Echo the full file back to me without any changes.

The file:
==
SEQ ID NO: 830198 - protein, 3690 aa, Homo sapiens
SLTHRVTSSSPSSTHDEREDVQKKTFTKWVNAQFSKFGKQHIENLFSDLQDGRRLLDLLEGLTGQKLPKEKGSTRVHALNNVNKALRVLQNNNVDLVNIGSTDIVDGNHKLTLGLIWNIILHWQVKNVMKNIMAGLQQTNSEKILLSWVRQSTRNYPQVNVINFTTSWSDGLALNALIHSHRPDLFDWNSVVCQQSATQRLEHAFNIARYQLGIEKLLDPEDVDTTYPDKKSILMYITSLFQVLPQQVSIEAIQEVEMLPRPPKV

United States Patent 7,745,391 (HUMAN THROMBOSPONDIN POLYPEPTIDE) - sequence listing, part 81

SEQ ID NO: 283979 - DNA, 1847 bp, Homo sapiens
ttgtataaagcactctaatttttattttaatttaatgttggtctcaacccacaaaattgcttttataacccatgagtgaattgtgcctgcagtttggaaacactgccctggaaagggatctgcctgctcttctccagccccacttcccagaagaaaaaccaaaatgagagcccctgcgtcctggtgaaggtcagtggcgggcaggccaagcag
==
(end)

SEQ ID NO: 830198 - protein, 3690 aa, Homo sapiens
SLTHRVTSSSPSSTHDEREDVQKKTFTKWVNAQFSKFGKQHIENLFSDLQDGRRLLDLLEGLTGQKLPKEKGSTRVHALNNVNKALRVLQNNNVDLVNIGSTDIVDGNHKLTLGLIWNIILHWQVKNVMKNIMAGLQQTNSEKILLSWVRQSTRNYPQVNVINFTTSWSDGLALNALIHSHRPDLFDWNSVVCQQSATQRLEHAFNIARYQLGIEKLLDPEDVDTTYPDKKSILMYITSLFQVLPQQVSIEAIQEVEMLPRPPKV

United States Patent 7,745,391 (HUMAN THROMBOSPONDIN POLYPEPTIDE) - sequence listing, part 81

SEQ ID NO: 283979 - DNA, 1847 bp, Homo sapiens
ttgtataaagcactctaatttttattttaatttaatgttggtctcaacccacaaaattgcttttataacccatgagtgaattgtgcctgcagtttggaaacactgccctggaaagggatctgcctgctcttctccagccccacttcccagaagaaaaaccaaaatgagagcccctgcgtcctggtgaaggtcagtggcgggcaggccaagcag